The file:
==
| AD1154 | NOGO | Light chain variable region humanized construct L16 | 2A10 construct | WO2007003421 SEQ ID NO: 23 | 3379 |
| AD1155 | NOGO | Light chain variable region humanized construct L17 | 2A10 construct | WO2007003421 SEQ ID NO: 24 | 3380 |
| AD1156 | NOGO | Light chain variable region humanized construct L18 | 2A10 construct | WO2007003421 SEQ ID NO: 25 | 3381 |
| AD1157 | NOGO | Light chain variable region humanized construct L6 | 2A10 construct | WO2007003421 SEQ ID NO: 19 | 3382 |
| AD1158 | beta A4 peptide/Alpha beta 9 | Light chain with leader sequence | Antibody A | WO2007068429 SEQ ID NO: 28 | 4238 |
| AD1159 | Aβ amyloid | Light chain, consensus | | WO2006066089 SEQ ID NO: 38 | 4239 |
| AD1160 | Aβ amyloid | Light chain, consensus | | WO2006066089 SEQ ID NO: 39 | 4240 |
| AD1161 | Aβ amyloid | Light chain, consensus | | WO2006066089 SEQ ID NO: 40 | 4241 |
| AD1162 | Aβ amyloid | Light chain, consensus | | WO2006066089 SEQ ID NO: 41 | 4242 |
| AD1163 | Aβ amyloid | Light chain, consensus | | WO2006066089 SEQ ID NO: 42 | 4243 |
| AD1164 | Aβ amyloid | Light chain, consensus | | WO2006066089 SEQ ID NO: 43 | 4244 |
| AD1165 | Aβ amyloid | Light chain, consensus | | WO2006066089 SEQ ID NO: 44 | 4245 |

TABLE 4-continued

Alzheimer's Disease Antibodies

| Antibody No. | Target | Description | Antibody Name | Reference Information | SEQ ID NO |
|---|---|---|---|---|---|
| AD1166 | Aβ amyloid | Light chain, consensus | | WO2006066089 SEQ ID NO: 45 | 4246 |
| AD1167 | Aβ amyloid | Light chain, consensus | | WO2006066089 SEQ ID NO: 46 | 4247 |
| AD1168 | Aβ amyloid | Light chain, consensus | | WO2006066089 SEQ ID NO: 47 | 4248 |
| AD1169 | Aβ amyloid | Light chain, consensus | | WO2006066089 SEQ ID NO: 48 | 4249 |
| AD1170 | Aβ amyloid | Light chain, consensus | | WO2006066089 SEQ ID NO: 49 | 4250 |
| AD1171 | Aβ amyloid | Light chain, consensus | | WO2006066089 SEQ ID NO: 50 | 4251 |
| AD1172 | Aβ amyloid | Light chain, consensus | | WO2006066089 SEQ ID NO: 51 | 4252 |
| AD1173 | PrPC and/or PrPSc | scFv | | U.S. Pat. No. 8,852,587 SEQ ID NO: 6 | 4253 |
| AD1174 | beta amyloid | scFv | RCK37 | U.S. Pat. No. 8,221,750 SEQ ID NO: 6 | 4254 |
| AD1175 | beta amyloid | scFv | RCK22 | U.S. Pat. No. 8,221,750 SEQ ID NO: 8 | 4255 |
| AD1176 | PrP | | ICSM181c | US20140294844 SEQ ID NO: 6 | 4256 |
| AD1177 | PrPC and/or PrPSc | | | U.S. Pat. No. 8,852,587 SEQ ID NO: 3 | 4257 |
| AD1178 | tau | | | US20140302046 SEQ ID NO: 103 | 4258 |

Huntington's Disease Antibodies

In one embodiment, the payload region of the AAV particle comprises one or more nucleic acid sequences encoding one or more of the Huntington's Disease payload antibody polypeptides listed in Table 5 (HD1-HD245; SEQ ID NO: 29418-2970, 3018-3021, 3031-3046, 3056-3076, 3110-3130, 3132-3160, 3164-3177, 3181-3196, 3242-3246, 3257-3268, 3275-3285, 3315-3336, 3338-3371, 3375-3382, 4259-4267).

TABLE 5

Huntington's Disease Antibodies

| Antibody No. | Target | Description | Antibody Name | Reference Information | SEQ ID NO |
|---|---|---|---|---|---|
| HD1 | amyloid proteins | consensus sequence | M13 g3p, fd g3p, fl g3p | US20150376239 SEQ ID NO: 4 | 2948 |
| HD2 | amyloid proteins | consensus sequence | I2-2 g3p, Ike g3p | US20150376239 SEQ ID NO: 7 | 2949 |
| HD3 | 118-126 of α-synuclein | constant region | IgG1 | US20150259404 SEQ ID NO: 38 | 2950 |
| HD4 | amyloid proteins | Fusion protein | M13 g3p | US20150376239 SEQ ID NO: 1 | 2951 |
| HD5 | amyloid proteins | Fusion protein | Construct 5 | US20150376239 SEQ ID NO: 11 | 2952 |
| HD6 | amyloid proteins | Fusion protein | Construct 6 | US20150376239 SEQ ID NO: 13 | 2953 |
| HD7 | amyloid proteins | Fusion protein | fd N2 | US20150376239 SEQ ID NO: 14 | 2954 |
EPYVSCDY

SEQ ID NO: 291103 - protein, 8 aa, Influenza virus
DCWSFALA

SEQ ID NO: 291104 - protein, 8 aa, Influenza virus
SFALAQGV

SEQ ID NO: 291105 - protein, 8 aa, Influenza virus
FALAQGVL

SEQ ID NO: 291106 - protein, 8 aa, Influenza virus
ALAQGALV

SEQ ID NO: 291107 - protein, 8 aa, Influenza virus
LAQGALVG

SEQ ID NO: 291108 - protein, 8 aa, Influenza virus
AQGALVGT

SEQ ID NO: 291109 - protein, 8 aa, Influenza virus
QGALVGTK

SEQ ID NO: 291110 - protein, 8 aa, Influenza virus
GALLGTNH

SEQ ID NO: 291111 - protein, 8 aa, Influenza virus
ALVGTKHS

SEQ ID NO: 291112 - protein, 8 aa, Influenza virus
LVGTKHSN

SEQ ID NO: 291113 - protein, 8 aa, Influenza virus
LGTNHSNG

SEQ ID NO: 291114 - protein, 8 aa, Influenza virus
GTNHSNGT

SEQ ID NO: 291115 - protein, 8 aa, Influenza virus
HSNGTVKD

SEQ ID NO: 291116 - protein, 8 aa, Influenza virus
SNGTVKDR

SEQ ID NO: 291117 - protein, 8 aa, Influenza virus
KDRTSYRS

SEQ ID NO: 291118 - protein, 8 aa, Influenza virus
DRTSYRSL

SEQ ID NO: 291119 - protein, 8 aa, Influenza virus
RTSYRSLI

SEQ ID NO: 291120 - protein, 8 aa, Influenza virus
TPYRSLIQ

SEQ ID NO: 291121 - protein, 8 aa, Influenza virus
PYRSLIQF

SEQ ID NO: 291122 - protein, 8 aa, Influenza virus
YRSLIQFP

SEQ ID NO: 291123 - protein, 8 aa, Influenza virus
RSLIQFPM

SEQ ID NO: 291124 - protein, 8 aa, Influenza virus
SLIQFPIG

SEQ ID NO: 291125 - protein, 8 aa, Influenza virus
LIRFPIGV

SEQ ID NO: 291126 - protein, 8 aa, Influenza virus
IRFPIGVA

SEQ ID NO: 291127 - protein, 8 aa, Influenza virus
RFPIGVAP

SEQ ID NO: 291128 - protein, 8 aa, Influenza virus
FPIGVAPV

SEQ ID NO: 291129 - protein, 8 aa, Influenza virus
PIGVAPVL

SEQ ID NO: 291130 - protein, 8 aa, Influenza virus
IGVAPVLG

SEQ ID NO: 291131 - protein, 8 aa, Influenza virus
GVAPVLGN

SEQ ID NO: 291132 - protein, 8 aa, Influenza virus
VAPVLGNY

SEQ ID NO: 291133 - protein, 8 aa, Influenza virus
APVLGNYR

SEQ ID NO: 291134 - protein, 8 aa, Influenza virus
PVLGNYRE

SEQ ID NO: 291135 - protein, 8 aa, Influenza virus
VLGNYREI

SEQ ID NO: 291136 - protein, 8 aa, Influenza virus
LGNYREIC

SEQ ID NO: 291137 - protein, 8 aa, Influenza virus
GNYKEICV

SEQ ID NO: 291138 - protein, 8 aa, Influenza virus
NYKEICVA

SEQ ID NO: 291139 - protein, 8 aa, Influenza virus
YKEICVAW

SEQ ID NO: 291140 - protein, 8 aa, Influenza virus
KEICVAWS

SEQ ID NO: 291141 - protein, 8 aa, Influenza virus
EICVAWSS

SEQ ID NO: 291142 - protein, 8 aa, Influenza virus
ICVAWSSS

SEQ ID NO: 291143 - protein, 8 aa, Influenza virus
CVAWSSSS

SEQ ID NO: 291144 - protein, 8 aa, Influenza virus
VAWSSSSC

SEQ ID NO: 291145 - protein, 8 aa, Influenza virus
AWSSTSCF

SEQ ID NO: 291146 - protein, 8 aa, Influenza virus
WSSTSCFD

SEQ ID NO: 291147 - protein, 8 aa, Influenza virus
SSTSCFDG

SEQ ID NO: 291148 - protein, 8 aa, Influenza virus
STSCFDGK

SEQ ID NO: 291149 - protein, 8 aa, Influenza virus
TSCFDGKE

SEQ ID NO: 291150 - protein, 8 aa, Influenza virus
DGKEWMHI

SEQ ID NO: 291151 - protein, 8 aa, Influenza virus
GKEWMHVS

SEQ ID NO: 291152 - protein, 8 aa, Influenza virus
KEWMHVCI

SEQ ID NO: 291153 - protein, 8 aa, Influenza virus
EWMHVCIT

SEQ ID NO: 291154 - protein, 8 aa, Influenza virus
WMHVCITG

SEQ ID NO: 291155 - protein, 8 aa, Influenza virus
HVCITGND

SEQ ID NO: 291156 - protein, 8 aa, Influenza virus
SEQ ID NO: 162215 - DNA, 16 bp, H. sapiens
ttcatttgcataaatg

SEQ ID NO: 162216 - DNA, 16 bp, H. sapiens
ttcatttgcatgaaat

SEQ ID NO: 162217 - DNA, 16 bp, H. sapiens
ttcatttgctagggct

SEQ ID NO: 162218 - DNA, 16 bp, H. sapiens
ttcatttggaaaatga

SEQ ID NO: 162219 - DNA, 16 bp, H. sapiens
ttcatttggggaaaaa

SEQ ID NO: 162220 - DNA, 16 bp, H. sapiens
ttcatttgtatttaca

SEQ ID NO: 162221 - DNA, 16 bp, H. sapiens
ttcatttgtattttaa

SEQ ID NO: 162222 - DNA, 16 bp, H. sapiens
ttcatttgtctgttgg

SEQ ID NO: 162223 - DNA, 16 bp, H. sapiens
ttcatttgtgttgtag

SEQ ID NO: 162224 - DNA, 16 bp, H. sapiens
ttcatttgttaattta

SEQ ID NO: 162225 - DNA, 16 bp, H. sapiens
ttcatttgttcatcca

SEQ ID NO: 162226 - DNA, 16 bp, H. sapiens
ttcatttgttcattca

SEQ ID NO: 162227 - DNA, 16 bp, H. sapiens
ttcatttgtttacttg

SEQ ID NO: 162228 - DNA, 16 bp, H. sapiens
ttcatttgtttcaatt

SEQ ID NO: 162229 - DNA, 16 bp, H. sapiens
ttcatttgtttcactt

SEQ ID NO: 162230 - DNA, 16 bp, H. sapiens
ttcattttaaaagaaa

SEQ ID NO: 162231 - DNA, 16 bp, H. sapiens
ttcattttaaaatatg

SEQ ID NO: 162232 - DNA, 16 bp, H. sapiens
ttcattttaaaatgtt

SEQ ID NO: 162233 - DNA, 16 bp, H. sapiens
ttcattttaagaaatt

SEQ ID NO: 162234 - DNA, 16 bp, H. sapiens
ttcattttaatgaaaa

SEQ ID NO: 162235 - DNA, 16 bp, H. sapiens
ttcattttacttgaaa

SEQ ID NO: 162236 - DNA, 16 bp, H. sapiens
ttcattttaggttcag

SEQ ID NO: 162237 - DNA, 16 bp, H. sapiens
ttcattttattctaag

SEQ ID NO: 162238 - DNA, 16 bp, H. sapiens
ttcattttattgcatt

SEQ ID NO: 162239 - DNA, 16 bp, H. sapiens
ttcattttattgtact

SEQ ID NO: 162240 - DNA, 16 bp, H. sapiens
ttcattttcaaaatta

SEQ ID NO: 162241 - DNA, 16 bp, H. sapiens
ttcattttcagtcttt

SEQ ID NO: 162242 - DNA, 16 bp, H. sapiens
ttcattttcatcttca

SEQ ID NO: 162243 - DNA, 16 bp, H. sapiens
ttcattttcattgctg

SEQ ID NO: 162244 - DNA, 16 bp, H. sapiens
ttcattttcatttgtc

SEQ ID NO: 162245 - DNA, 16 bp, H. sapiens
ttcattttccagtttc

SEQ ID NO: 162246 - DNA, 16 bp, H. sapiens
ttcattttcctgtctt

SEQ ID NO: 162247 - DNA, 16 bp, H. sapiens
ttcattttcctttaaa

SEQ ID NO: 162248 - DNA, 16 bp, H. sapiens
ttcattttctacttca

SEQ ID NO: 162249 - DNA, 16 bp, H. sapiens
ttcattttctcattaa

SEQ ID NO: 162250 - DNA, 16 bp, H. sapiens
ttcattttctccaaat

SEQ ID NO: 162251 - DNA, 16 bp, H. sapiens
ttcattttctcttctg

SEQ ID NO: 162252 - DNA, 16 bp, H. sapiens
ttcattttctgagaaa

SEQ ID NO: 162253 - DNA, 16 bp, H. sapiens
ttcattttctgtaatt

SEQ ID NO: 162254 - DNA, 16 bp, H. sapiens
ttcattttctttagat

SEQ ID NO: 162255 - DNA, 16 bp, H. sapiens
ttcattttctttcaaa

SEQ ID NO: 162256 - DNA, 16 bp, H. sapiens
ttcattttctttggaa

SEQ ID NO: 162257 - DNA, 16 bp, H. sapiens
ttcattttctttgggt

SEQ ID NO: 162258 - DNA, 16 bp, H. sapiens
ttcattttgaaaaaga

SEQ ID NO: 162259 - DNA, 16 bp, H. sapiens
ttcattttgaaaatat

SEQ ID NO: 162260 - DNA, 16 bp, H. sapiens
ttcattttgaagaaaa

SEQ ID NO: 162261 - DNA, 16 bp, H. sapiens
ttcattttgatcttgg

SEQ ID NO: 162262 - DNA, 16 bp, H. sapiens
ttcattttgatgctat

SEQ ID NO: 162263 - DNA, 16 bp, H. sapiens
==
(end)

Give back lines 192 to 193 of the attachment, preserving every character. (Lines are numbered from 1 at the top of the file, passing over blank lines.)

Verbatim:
ttcattttacttgaaa

SEQ ID NO: 162236 - DNA, 16 bp, H. sapiens